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Copyright

Information for faculty & students about using copyrighted materials at Red Deer Polytechnic.

Citing and Attributing Works

Citation Styles

It is always recommended to follow the appropriate citation style rules for your discipline to cite any works you use. The following citation styles are commonly used at Red Deer Polytechnic:

Attribution Formats

If you are using openly licensed works (e.g. public domain, creative commons), always attribute in the format the creator has indicated. If there are no instructions from the creator, then use Open Attribution Builder to create an attribution, or use TASL:

TASL - Include at minimum the following:

  • Title
  • Author
  • Source (i.e. the URL)
  • License type (i.e. Creative Commons)

Sample Citations & Attributions

Here are best practices for attributing and citing copyrighted works in your courses and presentations at the college:

  • All images, videos, and text resources used in your courses and slides need to be legally obtained.
  • Legally obtaining a work means that you have found a version that has been posted/uploaded/presented by the creator or copyright holder.
  • Look for watermarks, copyright information, and other identifiers that tell you whether that work was meant to be uploaded on the site you found it.
  • Try a reverse image search to find the source/creator of an image (TinEye, Google Search by Image).
Type of Source In Your Reference List
Use the citation style of your discipline; we've used APA 7th ed.)
In Your Course
Include next to the resource in your course
Image
Used for visual interest
(not used as a source of information)
n/a Plants in beakers. chuttersnap. Unsplash
Image
Used as an information source
Entertainment Software Association. (2017). 2017 sales, demographic, and usage data: Essential facts about the computer and video game industry. http://www.theesa.com/wpcontent/uploads/2017/04/EF2017_FinalDigital.pdf Average gamers by age group. Entertainment Software Association.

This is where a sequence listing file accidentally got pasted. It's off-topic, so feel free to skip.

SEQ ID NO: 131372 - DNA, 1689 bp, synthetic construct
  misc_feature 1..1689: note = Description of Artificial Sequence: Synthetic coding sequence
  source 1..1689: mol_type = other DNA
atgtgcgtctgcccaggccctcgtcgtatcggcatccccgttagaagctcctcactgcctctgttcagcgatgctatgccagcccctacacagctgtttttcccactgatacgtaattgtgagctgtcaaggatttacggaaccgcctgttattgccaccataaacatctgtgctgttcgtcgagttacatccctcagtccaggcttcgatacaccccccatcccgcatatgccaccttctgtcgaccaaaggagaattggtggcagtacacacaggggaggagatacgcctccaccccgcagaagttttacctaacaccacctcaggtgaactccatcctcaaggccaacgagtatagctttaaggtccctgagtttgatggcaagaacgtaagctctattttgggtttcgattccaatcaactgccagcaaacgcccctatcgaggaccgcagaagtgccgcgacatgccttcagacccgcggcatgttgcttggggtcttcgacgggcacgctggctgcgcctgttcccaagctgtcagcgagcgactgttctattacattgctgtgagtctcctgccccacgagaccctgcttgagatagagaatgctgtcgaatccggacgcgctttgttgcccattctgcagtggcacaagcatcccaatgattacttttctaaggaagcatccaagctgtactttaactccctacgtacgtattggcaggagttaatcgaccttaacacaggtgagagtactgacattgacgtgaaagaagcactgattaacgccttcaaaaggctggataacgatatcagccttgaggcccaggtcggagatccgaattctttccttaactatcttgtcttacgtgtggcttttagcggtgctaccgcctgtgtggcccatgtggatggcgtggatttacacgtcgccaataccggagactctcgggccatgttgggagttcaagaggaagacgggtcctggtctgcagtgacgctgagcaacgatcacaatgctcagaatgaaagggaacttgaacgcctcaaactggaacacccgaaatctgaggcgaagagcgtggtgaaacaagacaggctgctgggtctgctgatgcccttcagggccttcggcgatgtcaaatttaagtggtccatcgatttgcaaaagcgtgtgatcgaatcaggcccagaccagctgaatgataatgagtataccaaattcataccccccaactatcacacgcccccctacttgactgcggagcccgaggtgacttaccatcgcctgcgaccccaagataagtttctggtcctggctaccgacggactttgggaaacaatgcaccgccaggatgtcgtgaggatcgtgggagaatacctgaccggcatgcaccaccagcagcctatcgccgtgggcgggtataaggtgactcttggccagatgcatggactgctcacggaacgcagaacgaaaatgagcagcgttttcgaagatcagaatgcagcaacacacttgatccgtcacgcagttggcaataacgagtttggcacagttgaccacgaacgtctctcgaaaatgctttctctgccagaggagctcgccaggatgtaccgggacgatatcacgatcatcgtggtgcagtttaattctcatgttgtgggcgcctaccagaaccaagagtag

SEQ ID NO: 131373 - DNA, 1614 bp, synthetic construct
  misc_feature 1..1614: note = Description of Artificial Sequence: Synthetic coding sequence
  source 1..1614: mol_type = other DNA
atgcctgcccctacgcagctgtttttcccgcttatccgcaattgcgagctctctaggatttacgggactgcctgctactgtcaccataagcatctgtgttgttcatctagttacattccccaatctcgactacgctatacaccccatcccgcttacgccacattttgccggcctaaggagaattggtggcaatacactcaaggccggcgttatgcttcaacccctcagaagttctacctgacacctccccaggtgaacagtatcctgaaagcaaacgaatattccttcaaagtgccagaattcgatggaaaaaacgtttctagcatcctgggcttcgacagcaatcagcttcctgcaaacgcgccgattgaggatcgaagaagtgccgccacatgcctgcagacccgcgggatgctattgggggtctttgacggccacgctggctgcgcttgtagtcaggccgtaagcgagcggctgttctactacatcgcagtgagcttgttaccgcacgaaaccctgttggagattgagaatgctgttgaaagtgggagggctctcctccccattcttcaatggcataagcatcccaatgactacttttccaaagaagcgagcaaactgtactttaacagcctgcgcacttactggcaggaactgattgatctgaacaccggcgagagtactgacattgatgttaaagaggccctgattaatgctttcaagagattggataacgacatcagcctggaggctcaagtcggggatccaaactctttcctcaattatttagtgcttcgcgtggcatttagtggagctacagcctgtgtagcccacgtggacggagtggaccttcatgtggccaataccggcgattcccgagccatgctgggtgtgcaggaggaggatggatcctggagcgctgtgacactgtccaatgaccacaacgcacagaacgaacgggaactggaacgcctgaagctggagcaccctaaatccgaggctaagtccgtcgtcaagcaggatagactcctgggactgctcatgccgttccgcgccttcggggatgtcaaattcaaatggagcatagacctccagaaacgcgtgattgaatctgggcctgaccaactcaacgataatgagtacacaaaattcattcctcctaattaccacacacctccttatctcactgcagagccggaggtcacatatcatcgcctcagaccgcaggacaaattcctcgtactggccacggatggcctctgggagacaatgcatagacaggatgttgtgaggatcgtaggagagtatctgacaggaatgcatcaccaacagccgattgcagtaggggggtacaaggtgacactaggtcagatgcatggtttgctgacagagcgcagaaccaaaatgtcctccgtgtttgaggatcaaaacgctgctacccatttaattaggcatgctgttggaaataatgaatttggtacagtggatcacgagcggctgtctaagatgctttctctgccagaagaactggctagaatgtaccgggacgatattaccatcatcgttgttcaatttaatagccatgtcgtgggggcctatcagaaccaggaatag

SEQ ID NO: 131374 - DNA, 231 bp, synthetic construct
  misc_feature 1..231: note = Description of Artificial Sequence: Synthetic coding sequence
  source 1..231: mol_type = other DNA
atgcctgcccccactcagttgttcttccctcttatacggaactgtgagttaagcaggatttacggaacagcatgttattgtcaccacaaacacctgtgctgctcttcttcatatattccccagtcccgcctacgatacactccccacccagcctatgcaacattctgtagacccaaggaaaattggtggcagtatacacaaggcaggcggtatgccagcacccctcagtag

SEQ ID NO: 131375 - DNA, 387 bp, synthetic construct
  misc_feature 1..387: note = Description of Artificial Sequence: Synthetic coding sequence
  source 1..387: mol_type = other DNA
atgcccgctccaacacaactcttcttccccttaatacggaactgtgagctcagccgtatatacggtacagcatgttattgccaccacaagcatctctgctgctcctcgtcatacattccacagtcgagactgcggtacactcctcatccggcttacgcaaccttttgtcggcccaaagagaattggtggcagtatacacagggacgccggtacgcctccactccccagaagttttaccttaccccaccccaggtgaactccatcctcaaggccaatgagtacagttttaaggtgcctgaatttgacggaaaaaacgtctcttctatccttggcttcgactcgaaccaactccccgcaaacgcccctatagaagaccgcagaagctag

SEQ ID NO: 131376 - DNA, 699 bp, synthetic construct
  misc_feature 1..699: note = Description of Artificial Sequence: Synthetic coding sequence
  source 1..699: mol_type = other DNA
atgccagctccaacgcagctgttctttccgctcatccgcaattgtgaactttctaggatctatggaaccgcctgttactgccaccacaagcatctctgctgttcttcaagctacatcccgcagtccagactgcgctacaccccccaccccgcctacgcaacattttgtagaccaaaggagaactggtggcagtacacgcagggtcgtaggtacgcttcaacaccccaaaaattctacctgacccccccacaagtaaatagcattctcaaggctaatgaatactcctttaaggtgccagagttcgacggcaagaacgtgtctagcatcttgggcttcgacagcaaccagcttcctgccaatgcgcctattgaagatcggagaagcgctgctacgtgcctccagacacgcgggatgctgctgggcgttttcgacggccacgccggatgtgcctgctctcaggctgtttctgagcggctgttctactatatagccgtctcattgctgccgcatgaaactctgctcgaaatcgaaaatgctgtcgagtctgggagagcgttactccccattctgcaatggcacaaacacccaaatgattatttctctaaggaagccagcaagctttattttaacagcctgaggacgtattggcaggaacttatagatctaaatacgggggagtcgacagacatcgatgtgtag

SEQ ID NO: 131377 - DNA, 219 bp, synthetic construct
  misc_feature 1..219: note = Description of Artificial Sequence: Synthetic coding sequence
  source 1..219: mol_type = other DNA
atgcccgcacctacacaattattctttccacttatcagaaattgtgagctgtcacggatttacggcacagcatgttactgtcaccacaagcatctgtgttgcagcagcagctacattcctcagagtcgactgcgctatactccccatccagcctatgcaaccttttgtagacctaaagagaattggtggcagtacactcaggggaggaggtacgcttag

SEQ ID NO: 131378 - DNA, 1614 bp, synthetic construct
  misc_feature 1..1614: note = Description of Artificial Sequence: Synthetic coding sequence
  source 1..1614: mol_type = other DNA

ESA.com
Video CrashCourse. (2018, March 18). Media & money: Crash course media literacy #5. [Video]. YouTube. https://www.youtube.com/watch?v=QpYrSLiIoKo Media & money: Crash course media literacy #5. CrashCourse. YouTube
Online Text Resources
(e.g. articles, websites)
Use permanent links (permalink) to RDP Library
resources (if applicable)
Carpenter, A.C., & Schacter, D.L. (2017). Flexible retrieval: When true inferences produce false memories. Journal of Experimental
Psychology: Learning, Memory, and Cognition, 43
(3), 335-349. https://doi.org/10.1037/xlm0000340
Carpenter, A.C., & Schacter,
D.L. (2017). Flexible
retrieval: When true
inferences produce false
memories. Journal of
Experimental Psychology:
Learning, Memory, and
Cognition, 43
(3), 335-349.
https://doi.org/10.1037/xlm0000340

 

Cite Your Images

Images such as photographs, clipart, charts, and diagrams must include a citation or attribution to the image source.

How do I know I can use an image I found online?

Image Used for Visual Interest 

  • Image is not used as a source of information
  • Do not include in References or Bibliography
  • Include attribution below image
  • Image collections such as Pixabay and Unsplash may suggest attribution format
  • If no format is suggested, then include at minimum the following information:
    • Title
    • Author
    • Source (i.e. the URL)
    • License type (i.e. Creative Commons)

How this looks in your presentation or poster:

Photo by chuttersnap on Unsplash
(Plants in beakers. chuttersnap. Unsplash.)

How this looks in your References or Bibliography:

Images used only for visual interest do not need to be included in your References or Bibliography.


Image Used as Information Source

  • Include full citation in References or Bibliography using APA, MLA, Chicago or other citation style
  • Include attribution below image in this suggested format:
    • Title
    • Author
    • Source (i.e. the URL)

How this looks in your presentation or poster:

Average Gamers by Age Group Chart
(Average gamers by age group. Entertainment Software Association. ESA.com

How this looks in your References or Bibliography:

Entertainment Software Association. (2017). 2017 sales, demographic, and usage data: Essential facts about the computer and video game industry. https://www.theesa.com/wp-content/uploads/2019/03/ESA_EssentialFacts_2017.pdf

Note: Citation format will vary depending on style used; this example is cited in APA (6th ed.) style.